Just as stores don’t (at least those that survive long term) have the same layout year after year, websites also must evolve and continue to improve based on what works and what does not. This should be done as measured experiments. You can follow the models used in Lean Start-up (Eric Ries) and E-Myth Revisited (Micheal Gerber). Those experiments need tools like Google Analytics and other tools like ChartBeat. Topics of other blog posts.
Oh, not selling products on your site? I would place heavy odds that you are selling your ideas – be they the idea that your service is better then someone elses, or your idea is more important then the next bloggers. Remember to look at the website through your visitor’s eyes in the path they took to get to your website, and your pages.
Here are some thoughts from Kevin Lee’s Poll on Linkedin,
Do you think your PPC (Pay Per Click) search spending will grow this year compared to last?
I believe SEM (search engine marketing) will increase, but the real question is will more dollars go to SEO (search engine optimization) or to SEM?
SEM will increase, because it is measurable and you can plan on it a lot more the SEO. More importantly, the results are often quicker with SEM than SEO. These days management wants quick results – harvest the sales this month, not planting for when we might be in business next quarter. SEM has fewer variables as far as knowing at least how many ‘clicks’ you are going to get. Certainly you still have a lot of back end ratios that can be ‘tweaked’ to get your true CPA (Cost Per Action) including copy, call to action and creativity. But at least you can report a ‘we had a million people come to the site’ that matches up well with the retail side of ‘Orbit’ people counters or what ever the ‘bricks’ side is using to count bodies. ‘Orbit’ people counters are devices that counts number of people entering a store each hour-most stores are counting how many are entering the store, as well as how many are buying and average spent per visit.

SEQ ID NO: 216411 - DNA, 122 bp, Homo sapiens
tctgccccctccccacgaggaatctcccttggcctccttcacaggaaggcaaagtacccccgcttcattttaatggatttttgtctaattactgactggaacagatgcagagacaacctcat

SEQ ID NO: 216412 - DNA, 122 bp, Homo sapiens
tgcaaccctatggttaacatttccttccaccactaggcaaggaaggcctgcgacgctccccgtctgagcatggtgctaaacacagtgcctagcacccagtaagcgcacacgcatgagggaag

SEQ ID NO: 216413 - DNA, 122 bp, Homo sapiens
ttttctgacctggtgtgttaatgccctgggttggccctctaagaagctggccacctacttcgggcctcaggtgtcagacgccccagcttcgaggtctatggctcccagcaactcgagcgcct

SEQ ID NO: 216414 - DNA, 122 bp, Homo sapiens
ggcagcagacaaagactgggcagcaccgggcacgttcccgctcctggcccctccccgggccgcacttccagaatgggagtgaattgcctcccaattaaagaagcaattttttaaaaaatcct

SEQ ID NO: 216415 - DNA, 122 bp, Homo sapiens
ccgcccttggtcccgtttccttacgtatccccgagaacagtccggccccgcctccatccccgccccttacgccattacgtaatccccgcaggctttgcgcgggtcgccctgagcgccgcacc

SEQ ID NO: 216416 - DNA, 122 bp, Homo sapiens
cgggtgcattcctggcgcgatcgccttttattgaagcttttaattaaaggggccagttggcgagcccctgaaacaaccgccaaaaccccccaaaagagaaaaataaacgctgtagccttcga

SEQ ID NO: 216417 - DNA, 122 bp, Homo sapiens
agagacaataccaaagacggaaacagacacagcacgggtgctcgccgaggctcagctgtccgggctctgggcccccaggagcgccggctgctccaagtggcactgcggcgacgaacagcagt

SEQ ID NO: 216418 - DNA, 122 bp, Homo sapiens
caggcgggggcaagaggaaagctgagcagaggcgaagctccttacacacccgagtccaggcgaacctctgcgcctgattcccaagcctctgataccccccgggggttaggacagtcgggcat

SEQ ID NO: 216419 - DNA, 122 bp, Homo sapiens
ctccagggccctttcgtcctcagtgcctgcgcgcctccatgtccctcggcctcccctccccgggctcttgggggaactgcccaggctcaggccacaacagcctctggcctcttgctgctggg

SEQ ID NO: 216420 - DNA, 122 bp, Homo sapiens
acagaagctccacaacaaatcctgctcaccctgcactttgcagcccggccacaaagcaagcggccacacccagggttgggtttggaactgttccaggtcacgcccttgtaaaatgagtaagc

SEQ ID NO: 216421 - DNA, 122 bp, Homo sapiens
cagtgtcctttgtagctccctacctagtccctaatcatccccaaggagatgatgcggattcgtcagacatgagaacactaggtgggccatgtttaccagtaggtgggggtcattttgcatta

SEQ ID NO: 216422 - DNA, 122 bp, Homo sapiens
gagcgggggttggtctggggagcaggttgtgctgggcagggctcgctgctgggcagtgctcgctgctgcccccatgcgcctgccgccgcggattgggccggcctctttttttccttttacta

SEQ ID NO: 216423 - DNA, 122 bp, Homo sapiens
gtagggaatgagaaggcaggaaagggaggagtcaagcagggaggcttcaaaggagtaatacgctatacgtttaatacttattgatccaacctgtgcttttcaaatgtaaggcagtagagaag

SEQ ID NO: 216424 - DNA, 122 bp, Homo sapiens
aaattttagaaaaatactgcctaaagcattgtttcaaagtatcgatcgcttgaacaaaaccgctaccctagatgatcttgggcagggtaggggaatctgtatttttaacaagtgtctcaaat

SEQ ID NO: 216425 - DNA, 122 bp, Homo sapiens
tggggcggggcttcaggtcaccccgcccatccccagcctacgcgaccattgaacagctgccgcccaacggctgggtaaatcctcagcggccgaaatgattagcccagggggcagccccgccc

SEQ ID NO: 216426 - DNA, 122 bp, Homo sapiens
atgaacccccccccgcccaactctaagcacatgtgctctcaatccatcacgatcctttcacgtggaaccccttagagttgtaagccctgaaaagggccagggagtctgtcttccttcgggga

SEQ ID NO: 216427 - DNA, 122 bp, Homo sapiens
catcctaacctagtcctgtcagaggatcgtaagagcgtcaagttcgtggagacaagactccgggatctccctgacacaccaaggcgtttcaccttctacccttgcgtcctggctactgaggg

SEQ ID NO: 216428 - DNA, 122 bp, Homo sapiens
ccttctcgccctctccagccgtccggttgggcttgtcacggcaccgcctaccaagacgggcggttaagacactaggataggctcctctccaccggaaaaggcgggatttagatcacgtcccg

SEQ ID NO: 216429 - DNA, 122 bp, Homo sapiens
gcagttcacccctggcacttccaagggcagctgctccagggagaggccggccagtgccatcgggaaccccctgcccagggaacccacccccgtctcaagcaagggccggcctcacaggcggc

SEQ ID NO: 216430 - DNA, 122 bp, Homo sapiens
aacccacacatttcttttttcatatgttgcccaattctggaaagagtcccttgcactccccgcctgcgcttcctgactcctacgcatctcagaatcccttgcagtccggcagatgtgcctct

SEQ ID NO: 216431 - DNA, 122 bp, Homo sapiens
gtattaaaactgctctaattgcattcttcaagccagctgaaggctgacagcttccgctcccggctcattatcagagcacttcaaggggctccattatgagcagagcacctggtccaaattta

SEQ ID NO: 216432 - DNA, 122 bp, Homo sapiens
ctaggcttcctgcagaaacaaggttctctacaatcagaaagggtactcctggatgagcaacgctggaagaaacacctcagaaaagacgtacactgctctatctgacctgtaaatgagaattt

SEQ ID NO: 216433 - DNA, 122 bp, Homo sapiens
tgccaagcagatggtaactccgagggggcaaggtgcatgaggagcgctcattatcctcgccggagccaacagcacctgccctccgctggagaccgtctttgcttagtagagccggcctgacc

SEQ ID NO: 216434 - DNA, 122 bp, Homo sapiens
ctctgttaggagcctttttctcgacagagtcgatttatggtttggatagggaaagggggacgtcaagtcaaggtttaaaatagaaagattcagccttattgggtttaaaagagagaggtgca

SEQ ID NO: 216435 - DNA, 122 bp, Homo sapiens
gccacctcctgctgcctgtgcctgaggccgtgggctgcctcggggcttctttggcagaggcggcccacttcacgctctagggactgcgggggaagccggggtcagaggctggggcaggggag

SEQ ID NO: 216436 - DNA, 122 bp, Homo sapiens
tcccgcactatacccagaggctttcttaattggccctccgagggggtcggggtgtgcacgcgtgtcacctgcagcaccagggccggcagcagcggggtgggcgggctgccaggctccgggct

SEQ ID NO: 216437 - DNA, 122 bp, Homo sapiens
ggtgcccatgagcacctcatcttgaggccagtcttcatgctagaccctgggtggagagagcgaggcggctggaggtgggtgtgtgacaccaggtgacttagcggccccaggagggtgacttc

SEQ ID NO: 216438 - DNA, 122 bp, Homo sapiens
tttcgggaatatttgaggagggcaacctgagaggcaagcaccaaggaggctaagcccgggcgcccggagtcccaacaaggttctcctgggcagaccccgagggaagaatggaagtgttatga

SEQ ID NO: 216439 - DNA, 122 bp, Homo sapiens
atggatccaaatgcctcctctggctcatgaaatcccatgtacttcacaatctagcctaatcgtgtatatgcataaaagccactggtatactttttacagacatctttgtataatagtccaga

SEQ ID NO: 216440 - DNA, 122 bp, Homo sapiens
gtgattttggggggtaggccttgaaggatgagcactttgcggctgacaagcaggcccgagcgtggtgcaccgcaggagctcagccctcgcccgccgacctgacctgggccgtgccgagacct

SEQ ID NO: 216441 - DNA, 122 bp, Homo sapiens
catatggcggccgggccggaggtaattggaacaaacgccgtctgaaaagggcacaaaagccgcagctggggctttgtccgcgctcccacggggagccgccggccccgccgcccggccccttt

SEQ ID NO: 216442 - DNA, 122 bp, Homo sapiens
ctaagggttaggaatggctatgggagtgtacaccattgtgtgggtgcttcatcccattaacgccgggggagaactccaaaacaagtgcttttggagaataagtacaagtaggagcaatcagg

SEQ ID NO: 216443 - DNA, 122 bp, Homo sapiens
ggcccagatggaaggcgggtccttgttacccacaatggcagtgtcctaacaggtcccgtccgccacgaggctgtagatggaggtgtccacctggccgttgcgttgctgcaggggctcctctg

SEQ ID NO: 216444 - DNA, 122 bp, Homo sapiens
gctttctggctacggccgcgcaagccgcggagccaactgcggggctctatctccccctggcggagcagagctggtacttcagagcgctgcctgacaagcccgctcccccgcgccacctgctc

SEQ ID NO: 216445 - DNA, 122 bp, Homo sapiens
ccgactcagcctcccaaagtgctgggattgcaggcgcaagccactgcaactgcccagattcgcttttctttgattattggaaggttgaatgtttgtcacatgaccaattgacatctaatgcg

I think the answer is - it will be a draw – more dollars will go into SEO as SEM gets saturated. But SEM will get the easy money as response from traditional marketing continues to drop in response to TiVo, DVR, Hulu, YouTube, programming fragmentation (what time was that show on? – now its what day, time and station is that show on?), programming standardization (how many ‘dancing shows’ are there?) and simplification (reality TV), diluting brand equity and a host of other core mistakes on the traditional marketing side as it tries to adapt to the changing world of ‘500 channels of TV and nothing’s on’.
It will be interesting to see if the additional money in SEM produces good results or will too many hacks waste too much money and destroy the reputation of the industry for years to come, pushing marketing dollars back into traditional marketing as soon as the economy recovers, and traditional marketing can get their own act together for measurable results (especially with live viewings vs. 24 hour viewings vs. 7 day viewings).
So what do you think? Are you investing more in PPC in 2009 than in 2008?